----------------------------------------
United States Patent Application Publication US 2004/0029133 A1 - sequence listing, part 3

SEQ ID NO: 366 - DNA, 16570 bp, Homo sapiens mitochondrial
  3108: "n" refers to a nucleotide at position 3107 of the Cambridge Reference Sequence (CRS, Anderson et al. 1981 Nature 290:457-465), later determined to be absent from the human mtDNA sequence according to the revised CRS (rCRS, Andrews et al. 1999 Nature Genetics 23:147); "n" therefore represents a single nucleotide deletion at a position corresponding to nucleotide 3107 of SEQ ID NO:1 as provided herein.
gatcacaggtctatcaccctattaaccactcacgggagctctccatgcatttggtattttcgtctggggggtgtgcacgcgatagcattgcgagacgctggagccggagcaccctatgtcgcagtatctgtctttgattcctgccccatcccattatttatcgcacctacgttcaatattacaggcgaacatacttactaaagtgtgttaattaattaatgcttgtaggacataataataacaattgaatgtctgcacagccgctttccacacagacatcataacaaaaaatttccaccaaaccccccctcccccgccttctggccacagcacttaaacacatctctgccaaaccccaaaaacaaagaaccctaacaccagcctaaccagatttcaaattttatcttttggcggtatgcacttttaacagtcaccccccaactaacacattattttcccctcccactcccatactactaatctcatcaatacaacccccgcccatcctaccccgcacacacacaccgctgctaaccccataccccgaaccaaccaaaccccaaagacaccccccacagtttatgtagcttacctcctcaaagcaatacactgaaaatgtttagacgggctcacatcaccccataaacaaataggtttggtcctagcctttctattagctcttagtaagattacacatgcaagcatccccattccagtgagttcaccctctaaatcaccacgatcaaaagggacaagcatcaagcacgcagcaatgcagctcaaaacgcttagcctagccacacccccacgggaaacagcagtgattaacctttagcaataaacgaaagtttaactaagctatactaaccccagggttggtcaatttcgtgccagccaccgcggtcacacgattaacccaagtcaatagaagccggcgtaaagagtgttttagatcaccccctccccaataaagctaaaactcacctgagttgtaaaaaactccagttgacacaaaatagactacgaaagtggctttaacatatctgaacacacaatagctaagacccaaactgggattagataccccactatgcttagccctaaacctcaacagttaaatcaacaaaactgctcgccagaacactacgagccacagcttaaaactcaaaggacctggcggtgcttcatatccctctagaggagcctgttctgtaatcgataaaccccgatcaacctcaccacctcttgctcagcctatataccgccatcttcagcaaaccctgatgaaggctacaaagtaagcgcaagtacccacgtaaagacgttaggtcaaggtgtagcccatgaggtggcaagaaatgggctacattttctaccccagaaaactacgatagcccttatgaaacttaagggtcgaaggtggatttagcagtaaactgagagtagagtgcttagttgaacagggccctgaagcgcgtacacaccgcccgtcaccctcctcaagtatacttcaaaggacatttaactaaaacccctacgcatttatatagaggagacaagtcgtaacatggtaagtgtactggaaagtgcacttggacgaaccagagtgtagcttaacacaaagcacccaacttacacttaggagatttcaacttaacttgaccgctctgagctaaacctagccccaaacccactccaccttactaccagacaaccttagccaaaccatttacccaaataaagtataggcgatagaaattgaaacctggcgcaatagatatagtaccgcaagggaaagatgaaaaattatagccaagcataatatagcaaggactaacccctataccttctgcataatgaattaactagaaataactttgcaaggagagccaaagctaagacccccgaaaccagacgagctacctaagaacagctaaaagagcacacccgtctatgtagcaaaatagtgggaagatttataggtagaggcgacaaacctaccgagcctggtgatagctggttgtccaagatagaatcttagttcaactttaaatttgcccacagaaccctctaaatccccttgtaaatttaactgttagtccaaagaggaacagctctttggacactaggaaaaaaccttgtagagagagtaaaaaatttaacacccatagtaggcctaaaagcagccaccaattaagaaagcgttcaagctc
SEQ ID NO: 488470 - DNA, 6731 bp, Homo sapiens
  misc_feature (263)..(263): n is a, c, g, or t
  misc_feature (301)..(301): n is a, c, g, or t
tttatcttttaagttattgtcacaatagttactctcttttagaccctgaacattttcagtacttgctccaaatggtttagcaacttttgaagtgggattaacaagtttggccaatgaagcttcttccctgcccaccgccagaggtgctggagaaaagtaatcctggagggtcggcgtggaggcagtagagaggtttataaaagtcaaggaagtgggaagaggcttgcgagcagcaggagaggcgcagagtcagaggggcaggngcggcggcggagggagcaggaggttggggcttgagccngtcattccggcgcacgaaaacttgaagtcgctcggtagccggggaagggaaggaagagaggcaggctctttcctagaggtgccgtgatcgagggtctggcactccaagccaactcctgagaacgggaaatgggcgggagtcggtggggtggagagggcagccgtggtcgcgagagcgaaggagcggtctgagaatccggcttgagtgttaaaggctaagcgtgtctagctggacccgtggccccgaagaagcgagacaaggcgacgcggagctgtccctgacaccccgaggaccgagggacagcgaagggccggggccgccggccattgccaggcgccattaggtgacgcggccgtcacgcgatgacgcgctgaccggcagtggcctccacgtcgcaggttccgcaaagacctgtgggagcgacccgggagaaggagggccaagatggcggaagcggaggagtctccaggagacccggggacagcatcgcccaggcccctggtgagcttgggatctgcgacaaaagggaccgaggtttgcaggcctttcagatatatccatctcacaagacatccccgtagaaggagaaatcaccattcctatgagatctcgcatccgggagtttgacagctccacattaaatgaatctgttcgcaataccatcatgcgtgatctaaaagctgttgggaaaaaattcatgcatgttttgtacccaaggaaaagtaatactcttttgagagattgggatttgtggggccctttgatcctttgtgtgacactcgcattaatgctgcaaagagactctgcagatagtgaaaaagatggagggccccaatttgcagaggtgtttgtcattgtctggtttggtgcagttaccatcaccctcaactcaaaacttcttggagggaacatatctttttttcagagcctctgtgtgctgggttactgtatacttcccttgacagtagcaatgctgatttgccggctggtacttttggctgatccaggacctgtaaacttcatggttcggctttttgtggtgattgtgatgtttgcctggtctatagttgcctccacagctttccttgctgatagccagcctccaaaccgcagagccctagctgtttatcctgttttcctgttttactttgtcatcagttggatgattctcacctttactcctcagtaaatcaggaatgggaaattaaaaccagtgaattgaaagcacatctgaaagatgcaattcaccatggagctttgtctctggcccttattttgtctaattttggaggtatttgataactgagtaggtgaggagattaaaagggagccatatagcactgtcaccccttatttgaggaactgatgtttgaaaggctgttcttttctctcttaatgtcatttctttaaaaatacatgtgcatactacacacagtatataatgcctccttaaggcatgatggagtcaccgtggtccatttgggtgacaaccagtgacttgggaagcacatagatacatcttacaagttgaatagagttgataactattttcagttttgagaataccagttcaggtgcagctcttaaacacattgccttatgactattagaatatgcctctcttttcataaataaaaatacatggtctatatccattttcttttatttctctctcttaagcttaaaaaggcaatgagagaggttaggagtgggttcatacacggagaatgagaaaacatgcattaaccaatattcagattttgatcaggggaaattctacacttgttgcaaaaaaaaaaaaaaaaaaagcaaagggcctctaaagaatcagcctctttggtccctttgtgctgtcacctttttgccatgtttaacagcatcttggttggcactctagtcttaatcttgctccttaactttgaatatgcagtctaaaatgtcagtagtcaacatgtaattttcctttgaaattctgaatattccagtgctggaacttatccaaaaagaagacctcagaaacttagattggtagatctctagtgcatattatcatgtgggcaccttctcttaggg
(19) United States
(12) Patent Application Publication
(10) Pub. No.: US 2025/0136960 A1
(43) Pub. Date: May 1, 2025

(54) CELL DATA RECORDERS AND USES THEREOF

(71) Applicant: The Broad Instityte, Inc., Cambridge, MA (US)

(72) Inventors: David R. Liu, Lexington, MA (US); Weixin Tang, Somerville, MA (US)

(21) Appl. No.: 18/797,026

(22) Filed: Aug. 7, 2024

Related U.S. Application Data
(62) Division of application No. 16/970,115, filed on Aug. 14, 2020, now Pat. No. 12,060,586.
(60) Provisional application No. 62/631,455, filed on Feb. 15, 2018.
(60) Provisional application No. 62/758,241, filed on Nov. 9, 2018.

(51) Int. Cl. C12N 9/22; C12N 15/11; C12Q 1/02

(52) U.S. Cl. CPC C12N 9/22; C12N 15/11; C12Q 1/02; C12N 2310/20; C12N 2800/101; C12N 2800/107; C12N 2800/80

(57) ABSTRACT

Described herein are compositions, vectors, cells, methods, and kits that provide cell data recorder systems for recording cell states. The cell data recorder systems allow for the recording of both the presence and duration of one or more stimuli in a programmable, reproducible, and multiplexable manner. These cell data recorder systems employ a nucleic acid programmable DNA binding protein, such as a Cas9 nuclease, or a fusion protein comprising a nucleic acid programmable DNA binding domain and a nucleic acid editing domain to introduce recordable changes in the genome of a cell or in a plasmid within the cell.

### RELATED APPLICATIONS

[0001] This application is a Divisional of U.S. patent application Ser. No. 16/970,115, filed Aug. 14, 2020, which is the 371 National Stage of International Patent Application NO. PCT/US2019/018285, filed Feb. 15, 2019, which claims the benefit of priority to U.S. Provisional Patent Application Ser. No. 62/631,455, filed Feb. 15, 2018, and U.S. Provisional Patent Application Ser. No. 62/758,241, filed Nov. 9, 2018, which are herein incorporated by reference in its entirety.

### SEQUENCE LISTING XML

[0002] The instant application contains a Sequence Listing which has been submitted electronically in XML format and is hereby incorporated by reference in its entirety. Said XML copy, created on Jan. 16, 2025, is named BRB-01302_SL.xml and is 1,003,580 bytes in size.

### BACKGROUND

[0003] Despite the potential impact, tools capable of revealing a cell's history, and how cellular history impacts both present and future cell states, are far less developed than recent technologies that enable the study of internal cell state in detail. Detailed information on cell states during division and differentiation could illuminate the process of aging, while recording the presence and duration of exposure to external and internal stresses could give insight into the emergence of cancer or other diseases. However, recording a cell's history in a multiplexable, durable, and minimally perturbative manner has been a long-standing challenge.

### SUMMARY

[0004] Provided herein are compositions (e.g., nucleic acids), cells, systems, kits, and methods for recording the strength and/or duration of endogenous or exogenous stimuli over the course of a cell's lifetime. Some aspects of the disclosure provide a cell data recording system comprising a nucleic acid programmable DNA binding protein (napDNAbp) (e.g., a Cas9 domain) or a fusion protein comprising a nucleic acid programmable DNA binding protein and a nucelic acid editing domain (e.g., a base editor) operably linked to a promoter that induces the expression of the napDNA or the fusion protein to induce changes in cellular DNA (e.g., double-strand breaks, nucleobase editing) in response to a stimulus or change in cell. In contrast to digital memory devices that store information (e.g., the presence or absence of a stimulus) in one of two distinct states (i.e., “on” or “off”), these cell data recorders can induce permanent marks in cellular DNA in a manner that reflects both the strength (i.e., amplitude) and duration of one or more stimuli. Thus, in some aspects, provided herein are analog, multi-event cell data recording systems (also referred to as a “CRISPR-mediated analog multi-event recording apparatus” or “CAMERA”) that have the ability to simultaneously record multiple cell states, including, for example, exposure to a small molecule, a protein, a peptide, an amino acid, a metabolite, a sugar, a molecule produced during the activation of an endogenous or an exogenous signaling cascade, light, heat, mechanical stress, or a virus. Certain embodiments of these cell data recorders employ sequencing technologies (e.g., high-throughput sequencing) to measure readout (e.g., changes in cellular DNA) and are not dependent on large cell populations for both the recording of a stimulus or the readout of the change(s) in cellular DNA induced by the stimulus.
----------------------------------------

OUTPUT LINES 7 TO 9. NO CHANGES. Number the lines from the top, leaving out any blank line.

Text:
  misc_feature (301)..(301): n is a, c, g, or t
tttatcttttaagttattgtcacaatagttactctcttttagaccctgaacattttcagtacttgctccaaatggtttagcaacttttgaagtgggattaacaagtttggccaatgaagcttcttccctgcccaccgccagaggtgctggagaaaagtaatcctggagggtcggcgtggaggcagtagagaggtttataaaagtcaaggaagtgggaagaggcttgcgagcagcaggagaggcgcagagtcagaggggcaggngcggcggcggagggagcaggaggttggggcttgagccngtcattccggcgcacgaaaacttgaagtcgctcggtagccggggaagggaaggaagagaggcaggctctttcctagaggtgccgtgatcgagggtctggcactccaagccaactcctgagaacgggaaatgggcgggagtcggtggggtggagagggcagccgtggtcgcgagagcgaaggagcggtctgagaatccggcttgagtgttaaaggctaagcgtgtctagctggacccgtggccccgaagaagcgagacaaggcgacgcggagctgtccctgacaccccgaggaccgagggacagcgaagggccggggccgccggccattgccaggcgccattaggtgacgcggccgtcacgcgatgacgcgctgaccggcagtggcctccacgtcgcaggttccgcaaagacctgtgggagcgacccgggagaaggagggccaagatggcggaagcggaggagtctccaggagacccggggacagcatcgcccaggcccctggtgagcttgggatctgcgacaaaagggaccgaggtttgcaggcctttcagatatatccatctcacaagacatccccgtagaaggagaaatcaccattcctatgagatctcgcatccgggagtttgacagctccacattaaatgaatctgttcgcaataccatcatgcgtgatctaaaagctgttgggaaaaaattcatgcatgttttgtacccaaggaaaagtaatactcttttgagagattgggatttgtggggccctttgatcctttgtgtgacactcgcattaatgctgcaaagagactctgcagatagtgaaaaagatggagggccccaatttgcagaggtgtttgtcattgtctggtttggtgcagttaccatcaccctcaactcaaaacttcttggagggaacatatctttttttcagagcctctgtgtgctgggttactgtatacttcccttgacagtagcaatgctgatttgccggctggtacttttggctgatccaggacctgtaaacttcatggttcggctttttgtggtgattgtgatgtttgcctggtctatagttgcctccacagctttccttgctgatagccagcctccaaaccgcagagccctagctgtttatcctgttttcctgttttactttgtcatcagttggatgattctcacctttactcctcagtaaatcaggaatgggaaattaaaaccagtgaattgaaagcacatctgaaagatgcaattcaccatggagctttgtctctggcccttattttgtctaattttggaggtatttgataactgagtaggtgaggagattaaaagggagccatatagcactgtcaccccttatttgaggaactgatgtttgaaaggctgttcttttctctcttaatgtcatttctttaaaaatacatgtgcatactacacacagtatataatgcctccttaaggcatgatggagtcaccgtggtccatttgggtgacaaccagtgacttgggaagcacatagatacatcttacaagttgaatagagttgataactattttcagttttgagaataccagttcaggtgcagctcttaaacacattgccttatgactattagaatatgcctctcttttcataaataaaaatacatggtctatatccattttcttttatttctctctcttaagcttaaaaaggcaatgagagaggttaggagtgggttcatacacggagaatgagaaaacatgcattaaccaatattcagattttgatcaggggaaattctacacttgttgcaaaaaaaaaaaaaaaaaaagcaaagggcctctaaagaatcagcctctttggtccctttgtgctgtcacctttttgccatgtttaacagcatcttggttggcactctagtcttaatcttgctccttaactttgaatatgcagtctaaaatgtcagtagtcaacatgtaattttcctttgaaattctgaatattccagtgctggaacttatccaaaaagaagacctcagaaacttagattggtagatctctagtgcatattatcatgtgggcaccttctcttaggg
(19) United States